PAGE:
As users of mobile devices demand more bandwidth for their apps, network carriers have begun implementing LTE (Long-Term Evolution) technology into their networks. Part of the LTE infrastructure relies on MIMO (multiple input, multiple output) radio channels, which use several antennas to focus signals and boost performance. Because users of mobile devices are generally on the move, carriers and equipment manufacturers must test their networks and their devices by emulating the signal fading of an actual network's radio channel.
To test the performance of a cellular handset or chipset, manufacturers can measure BER (bit-error rate), BLER (block-error rate), and FER (frame-error rate) as a function of the signal-to-noise ratio. All of these measurements count the number of errors in a predefined amount of data. High error values mean that the mobile device doesn't adequately mitigate fading effects in the radio channel. Another typical performance measure is the data throughput vs. the signal-to-noise-ratio. This is typically measured in kilobits per second and defines how much data the system is able to correctly transmit in 1 s.
Figure 1. A radio-channel emulator creates a real-life radio environment in lab conditions.
Performance tests require a communications tester and a radio-channel emulator (Figure 1) for the device under test (DUT). A communications tester establishes a link to a cellular device by emulating a base station, but its features include only a small subset of those in a real base station. For a throughput measurement, the communications tester sends a known data pattern to the DUT. With a direct cable connection from the tester to the device, the test setup can achieve its highest possible throughput. A radio-channel emulator, placed between the tester and the DUT, will distort the signal, which causes a decrease in throughput. Figure 2 shows a typical test setup for a device with multiple antennas.
Figure 2. A typical test setup for devices with multiple antennas (2x2 MIMO downlink) shows four fading channels.
Typically, the main purpose of testing is to verify a product's compliance to a standard. Standard channel models are defined by the 3GPP LTE standard (Ref. 1). The standard also sets performance limits with a given model, ensuring a certain minimum performance for all LTE devices on the market. Most tests against the standard requirements are simply pass/fail measurements, so they do not measure the maximum performance of the device.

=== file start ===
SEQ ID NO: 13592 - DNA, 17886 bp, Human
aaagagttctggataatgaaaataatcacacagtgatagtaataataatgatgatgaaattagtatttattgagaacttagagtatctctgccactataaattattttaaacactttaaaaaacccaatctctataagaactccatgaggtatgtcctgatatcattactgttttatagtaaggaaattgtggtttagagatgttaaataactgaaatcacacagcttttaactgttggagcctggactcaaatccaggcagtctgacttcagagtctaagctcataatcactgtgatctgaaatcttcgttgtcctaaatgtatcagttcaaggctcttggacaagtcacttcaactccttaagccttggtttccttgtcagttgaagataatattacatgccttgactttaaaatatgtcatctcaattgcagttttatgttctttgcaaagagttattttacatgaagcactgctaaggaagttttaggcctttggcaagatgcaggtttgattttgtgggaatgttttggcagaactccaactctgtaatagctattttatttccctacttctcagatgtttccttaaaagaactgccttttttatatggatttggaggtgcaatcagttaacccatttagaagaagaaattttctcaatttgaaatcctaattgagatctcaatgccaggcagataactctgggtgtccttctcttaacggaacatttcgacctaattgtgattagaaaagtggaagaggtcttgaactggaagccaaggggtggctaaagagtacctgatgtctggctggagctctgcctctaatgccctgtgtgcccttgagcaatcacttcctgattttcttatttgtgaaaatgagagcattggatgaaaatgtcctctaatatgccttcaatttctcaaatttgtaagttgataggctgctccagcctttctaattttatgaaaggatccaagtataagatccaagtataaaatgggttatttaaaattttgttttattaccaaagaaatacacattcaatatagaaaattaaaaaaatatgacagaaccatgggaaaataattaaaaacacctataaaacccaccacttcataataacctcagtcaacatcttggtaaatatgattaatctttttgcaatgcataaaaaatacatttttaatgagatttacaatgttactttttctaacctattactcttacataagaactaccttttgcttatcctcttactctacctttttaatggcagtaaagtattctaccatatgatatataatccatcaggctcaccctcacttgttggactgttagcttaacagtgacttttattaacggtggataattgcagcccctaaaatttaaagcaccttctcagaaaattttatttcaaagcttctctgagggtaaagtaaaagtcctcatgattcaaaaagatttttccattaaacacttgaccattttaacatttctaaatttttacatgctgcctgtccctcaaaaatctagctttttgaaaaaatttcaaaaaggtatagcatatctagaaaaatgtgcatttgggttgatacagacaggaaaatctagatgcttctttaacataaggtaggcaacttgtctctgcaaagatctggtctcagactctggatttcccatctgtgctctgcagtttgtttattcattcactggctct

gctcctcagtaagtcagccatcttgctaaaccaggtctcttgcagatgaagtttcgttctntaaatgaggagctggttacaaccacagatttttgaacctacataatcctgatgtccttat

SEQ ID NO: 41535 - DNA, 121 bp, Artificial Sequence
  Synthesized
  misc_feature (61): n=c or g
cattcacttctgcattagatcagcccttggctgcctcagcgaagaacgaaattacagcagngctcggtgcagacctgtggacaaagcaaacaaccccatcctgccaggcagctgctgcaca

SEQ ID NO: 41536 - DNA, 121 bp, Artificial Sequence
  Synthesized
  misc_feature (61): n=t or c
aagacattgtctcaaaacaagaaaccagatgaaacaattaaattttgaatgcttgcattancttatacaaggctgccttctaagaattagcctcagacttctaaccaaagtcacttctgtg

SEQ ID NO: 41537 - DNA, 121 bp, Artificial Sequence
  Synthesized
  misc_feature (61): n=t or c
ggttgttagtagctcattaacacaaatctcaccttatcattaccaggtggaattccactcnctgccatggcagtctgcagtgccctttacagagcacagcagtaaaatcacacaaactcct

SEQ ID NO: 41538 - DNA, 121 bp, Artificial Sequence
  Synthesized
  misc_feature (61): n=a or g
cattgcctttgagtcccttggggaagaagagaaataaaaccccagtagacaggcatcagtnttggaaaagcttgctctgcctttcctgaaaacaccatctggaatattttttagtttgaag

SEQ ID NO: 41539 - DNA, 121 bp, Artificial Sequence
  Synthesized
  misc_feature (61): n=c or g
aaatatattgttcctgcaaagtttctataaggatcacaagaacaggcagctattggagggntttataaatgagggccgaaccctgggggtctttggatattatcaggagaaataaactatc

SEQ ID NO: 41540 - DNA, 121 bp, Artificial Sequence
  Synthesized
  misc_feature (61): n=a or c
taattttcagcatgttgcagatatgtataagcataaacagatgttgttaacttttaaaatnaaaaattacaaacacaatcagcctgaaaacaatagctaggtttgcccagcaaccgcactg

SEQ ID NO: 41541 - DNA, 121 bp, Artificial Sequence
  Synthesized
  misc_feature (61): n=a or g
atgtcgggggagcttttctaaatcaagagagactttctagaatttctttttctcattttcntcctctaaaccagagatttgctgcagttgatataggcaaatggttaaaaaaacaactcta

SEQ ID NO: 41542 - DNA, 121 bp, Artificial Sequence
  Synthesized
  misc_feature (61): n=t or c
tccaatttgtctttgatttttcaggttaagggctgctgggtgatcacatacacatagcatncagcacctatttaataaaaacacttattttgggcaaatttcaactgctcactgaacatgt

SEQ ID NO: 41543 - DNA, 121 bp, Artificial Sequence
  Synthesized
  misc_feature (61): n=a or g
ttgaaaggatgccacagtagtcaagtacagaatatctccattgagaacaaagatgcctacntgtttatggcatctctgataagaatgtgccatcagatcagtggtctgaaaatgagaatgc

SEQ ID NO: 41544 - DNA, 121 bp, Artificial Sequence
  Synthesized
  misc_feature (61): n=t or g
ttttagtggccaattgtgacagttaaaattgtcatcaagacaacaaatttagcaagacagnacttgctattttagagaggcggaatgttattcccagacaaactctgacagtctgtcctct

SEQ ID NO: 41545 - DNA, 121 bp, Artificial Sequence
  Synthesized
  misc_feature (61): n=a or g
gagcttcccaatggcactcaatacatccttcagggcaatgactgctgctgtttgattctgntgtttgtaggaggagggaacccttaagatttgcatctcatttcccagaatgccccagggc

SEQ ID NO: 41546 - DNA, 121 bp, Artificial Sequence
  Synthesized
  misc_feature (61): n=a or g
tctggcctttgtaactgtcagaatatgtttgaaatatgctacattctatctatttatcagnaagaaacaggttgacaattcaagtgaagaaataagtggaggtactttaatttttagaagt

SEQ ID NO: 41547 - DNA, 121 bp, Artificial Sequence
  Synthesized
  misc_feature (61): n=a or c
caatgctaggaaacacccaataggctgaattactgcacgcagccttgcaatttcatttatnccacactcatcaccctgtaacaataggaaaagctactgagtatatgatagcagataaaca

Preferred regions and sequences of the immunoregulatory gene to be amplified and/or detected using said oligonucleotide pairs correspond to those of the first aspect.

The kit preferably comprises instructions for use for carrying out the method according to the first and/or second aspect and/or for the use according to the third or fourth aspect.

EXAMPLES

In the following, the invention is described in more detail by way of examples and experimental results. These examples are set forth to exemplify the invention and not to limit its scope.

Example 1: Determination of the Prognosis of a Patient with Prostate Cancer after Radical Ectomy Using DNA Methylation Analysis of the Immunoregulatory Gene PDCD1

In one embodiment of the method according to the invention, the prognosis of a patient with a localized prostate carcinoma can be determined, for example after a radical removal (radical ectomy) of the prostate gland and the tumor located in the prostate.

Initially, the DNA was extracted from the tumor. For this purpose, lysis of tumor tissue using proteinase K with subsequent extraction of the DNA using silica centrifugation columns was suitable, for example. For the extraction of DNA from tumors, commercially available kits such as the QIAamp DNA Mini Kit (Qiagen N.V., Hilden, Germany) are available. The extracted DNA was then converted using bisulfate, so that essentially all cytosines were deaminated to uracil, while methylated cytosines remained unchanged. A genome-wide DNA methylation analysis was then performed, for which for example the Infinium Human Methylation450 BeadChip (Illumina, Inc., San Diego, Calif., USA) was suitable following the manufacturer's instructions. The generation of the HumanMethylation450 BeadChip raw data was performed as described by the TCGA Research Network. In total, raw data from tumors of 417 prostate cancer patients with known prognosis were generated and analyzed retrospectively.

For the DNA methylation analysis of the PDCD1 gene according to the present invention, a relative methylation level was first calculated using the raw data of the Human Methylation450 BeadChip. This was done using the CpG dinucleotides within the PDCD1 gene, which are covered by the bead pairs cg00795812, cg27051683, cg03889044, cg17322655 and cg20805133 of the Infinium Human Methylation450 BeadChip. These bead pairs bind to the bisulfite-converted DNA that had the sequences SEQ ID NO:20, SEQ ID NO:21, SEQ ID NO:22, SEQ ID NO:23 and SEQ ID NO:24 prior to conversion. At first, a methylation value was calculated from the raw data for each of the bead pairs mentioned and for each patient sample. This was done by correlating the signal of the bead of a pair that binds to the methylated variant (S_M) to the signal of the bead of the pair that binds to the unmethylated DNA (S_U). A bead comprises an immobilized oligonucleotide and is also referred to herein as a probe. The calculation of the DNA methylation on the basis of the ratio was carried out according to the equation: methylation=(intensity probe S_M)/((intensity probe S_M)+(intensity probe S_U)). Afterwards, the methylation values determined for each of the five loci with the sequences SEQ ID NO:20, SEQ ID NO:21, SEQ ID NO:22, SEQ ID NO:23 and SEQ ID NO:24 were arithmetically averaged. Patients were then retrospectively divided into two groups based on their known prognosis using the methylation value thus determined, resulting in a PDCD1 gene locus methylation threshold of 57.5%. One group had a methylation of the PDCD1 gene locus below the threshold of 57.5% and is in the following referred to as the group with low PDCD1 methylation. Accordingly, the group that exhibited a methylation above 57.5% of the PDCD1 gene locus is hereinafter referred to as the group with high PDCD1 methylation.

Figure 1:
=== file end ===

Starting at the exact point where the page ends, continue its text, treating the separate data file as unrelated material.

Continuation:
Performance testing in the lab provides a fully repeatable environment that allows manufacturers to debug problems in a design. After a design change, the performance can be checked against the same test conditions.Follow the jump directly to Test&Measurement World
for the rest of the article, which covers beamforming, MIMO testing, and testing of access points.
1. "3GPP Specification series
." About the Authors:
Janne Kolu is VP of Elektrobit (EB) Test Tools. He received his MSc degree in physics from the University of Oulu Finland in 2000. He joined Elektrobit, Finland, in 1999, where his activities have included channel-modeling research and radio-channel emulator development projects. He has contributed to EU COST projects and also to 3GPP standardization work. At EB he has held several different positions related to the development of advanced radio-channel-emulation tools. firstname.lastname@example.org.
Petteri Heino is product manager for EB Propsim F8 channel-modeling applications. He has more than 10 years experience from radio-channel research and emulator products. Before his current position, he was responsible for the EB Propsound channel sounder product, a role in which he executed channel-measurement and -modeling projects globally for several research organizations and companies. He has also been the Elektrobit delegate to 3GPP UMTS/LTE standardization projects. email@example.com.
Juha Määttä is product manager for the EB Propsim F8 radio-channel emulator. He has over 6 years experience on research and design activities involving radio-channel emulators. He has participated in numerous radio-channel test-system installations, trainings, and workshops globally for several research organizations and companies. He previously worked as project manager in multiple R&D projects for radio-channel-emulator products. firstname.lastname@example.org.